In a bid to allay apprehensions of India Inc, Home Minister Amit Shah on Tuesday said the government was looking into the “difficulties” faced by industries, even as several experts suggested pumping in more money into the sagging economy. “I understand your difficulties, your apprehensions. There may be uncertainties. But it is a sensitive and non-corrupt government,” Shah said at an All India Management Association (AIMA) event here. He also attributed some of the challenges faced by businesses to the global economic slowdown.
Speaking on the reforms initiatives taken by the government, Shah said the initial difficulties faced in systems like the goods and services tax regime would smoothen out soon. “...at the end reforms bring the larger good,” the minister said, as he asked the AIMA and other industry bodies to come up with suggestions to give industries a boost. “India has to be a $5-trillion economy by 2024 and it is a certainty,” he said, urging business leaders to build national confidence.
‘Pump in more money’
Later, experts deliberated on the need for fiscal expansionary policy at a time when the GDP growth rate has hit a six-year low of 5.5 per cent. “Banks are not short of funds, but NBFCs (non-banking financial companies) are. Liquidity should be infused there to increase consumer lending, even if it means widening of fiscal deficit,” suggested Akhil Bansal, deputy CEO at KPMG in India, at the panel discussion.
Ajit Ranade, group executive president and chief economist at Aditya Birla Group, said he would support fiscal expansion as the economy has a problem of low aggregate demand. He quoted Hindustan Unilever chairman Sanjiv Mehta as saying that “you can’t say FMCG is recession-proof but it is recession-resistant” to support his argument. Whether fiscal deficit be widened to 3.5 per cent from the budgetary projection of 3.3 per cent for the current fiscal year is a matter of discussion, he said. The Centre will anyway get Rs 1.76 trillion from the Reserve Bank of India, Ranade said.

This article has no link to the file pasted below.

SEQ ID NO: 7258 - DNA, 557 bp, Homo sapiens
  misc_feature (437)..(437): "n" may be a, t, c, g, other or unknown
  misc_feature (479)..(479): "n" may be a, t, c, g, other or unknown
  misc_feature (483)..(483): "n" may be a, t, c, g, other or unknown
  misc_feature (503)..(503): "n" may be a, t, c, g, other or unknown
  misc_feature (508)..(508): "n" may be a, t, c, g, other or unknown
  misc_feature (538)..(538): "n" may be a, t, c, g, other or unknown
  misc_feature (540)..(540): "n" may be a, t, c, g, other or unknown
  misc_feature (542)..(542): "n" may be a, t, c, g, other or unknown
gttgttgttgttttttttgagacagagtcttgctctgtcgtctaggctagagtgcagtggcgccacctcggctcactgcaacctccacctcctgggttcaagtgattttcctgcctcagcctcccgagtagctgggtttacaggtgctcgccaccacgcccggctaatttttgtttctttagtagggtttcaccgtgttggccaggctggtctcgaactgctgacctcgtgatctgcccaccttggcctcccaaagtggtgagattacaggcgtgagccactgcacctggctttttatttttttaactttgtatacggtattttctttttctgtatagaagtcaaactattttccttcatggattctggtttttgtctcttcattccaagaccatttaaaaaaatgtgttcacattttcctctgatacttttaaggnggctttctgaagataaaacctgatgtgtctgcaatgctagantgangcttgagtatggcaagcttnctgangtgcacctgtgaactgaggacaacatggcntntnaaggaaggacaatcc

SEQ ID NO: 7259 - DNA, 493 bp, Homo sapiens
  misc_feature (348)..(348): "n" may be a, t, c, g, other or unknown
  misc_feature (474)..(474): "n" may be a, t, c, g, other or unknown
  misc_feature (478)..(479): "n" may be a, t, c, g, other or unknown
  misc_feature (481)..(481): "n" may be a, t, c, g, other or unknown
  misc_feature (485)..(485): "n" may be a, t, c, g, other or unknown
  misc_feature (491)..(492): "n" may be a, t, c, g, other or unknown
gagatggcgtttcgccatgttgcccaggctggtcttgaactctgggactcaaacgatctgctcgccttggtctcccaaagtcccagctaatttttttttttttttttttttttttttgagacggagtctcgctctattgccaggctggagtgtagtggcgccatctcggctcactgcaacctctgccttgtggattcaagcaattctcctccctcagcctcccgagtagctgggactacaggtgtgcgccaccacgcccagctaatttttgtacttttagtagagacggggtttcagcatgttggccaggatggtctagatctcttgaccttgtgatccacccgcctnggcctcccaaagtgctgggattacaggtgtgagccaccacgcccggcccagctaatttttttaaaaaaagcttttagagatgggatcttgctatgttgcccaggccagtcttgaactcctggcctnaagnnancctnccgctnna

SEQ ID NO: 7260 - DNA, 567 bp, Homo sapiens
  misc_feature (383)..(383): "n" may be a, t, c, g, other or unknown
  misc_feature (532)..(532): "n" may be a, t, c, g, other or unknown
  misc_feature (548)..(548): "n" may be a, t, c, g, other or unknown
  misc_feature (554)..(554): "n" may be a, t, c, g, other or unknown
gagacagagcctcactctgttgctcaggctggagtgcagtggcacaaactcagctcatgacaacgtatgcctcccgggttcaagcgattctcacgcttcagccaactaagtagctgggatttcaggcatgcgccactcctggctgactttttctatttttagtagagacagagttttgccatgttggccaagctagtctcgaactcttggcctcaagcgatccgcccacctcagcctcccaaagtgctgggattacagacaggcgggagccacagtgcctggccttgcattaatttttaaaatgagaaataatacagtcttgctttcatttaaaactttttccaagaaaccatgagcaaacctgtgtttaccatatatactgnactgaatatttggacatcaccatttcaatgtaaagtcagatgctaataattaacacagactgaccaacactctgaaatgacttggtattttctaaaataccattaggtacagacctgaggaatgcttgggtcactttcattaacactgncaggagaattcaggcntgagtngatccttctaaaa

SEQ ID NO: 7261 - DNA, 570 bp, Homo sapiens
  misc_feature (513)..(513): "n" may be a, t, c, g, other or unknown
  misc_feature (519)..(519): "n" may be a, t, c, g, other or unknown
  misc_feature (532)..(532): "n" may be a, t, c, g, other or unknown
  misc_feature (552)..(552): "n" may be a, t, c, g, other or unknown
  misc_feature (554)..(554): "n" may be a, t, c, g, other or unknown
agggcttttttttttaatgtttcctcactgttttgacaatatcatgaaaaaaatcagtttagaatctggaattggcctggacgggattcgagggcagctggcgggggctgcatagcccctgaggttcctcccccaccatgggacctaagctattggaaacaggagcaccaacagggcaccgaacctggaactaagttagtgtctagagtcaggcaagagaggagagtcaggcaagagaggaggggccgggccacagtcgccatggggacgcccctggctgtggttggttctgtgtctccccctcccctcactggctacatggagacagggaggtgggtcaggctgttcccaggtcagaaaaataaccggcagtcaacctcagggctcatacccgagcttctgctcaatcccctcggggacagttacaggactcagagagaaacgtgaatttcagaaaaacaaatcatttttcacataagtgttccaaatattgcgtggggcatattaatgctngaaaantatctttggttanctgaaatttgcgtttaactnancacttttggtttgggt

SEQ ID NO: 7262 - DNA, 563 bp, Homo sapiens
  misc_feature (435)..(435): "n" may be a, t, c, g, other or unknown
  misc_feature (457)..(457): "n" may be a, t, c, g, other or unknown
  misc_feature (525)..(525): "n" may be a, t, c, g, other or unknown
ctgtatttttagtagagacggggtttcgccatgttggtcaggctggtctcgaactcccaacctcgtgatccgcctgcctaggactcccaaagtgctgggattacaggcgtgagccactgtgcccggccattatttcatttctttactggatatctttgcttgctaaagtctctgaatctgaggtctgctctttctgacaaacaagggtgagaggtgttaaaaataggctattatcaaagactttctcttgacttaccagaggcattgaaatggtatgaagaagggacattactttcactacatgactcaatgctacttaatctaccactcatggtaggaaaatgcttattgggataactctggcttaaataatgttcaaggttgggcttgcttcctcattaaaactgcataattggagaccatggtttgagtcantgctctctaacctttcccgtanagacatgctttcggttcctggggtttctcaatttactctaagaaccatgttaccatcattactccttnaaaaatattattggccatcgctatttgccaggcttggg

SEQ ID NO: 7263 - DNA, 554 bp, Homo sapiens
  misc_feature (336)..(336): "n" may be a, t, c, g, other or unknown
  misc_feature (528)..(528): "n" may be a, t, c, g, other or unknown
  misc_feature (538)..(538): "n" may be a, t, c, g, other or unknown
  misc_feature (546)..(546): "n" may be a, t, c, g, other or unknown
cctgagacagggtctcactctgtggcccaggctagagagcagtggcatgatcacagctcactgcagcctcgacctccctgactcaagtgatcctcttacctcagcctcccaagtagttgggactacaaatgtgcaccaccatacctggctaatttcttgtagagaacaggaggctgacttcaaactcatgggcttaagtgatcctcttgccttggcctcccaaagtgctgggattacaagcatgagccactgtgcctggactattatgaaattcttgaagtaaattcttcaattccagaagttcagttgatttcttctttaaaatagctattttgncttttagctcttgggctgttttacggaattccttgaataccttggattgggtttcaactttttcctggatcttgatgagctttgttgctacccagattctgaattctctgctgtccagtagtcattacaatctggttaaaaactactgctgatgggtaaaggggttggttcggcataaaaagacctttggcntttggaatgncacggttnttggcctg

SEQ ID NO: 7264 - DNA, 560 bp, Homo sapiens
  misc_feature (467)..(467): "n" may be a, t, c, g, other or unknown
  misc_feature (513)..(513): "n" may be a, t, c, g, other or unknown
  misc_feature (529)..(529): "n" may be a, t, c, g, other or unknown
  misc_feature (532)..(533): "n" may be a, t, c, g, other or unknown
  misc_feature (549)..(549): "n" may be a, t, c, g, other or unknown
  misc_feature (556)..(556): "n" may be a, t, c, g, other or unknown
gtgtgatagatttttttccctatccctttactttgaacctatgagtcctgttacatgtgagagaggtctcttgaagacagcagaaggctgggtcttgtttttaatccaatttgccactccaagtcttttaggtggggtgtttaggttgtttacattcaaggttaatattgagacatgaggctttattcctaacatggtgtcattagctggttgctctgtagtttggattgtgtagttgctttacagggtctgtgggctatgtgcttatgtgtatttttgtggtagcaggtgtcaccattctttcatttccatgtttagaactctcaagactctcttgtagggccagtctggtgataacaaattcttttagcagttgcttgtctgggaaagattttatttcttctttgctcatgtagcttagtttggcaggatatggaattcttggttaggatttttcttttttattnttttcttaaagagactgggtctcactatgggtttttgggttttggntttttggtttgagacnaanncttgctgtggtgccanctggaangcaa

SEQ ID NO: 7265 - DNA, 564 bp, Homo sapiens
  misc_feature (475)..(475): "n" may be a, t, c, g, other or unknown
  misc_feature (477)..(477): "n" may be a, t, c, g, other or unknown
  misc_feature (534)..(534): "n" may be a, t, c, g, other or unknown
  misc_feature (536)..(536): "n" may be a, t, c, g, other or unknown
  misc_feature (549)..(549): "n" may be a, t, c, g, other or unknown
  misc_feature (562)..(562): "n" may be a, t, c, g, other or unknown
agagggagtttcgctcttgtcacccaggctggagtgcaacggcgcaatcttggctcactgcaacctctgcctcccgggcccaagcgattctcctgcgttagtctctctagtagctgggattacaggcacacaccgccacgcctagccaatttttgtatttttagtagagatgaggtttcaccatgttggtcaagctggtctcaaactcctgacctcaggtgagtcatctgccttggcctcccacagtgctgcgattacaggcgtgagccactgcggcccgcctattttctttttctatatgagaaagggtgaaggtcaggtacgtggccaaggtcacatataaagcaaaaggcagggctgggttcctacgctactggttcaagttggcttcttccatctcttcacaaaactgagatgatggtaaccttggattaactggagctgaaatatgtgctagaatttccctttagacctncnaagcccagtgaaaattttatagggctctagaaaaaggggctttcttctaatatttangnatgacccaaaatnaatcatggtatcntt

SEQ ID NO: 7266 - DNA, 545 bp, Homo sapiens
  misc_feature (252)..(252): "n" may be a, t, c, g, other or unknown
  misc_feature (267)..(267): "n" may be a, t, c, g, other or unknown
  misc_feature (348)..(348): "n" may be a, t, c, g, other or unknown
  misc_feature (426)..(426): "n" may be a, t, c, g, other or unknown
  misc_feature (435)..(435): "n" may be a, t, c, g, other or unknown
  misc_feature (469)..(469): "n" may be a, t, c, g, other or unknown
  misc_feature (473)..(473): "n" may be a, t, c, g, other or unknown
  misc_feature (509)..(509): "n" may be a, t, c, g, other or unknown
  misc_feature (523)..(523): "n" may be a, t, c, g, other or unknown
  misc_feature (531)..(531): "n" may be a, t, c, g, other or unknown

Vikram Singh Mehta, chairman of Brookings India & senior fellow at Brookings Institution, said the fiscal space should be expanded to perk up demand and drive investments. He said the government should disburse the entire amount (Rs 75,000 crore) earmarked for the PM-KISAN in this year’s Budget.
A panellist, however, cautioned that economic growth driven by expanding fiscal deficit would not be sustainable. He was of the view that fiscal deficit was much higher than shown by the government. He cited a report by the Comptroller and Auditor General, pointing out that the Centre's fiscal deficit actually worked out to be 5.85 per cent in 2017-18, as against 3.46 per cent shown by the government. If one adds states' fiscal deficit of 3.1 per cent, the country's fiscal deficit would come to close to 9 per cent.
Higher borrowings by the government to finance fiscal deficit would not let interest rates to go down, he said.
On whether policymakers settle for a high growth-high inflation scenario or a low growth-low inflation scenario, Ranade said he does not think there is a trade-off between the two.
Mehta, on the other hand, said growth is absolutely necessary and if in that process, inflation rises a bit, it should be allowed.
‘India as global hi-tech hub’
Meanwhile, Ravi Shankar Prasad, minister for electronics and IT, called for turning India into the global hub of high-tech manufacturing and innovation.
He said that the number of mobile phone and component factories in India has grown to 268 from two in 2014, with 93 such factories in Noida alone.
He added that Apple was going to come to India in a big way.
“My ambition is that India becomes the world’s data refinery,” Prasad said.
Talking about data laws in the country, Prasad, who is also law minister, said that the government wants to balance data availability, data utilisation, and data anonymity.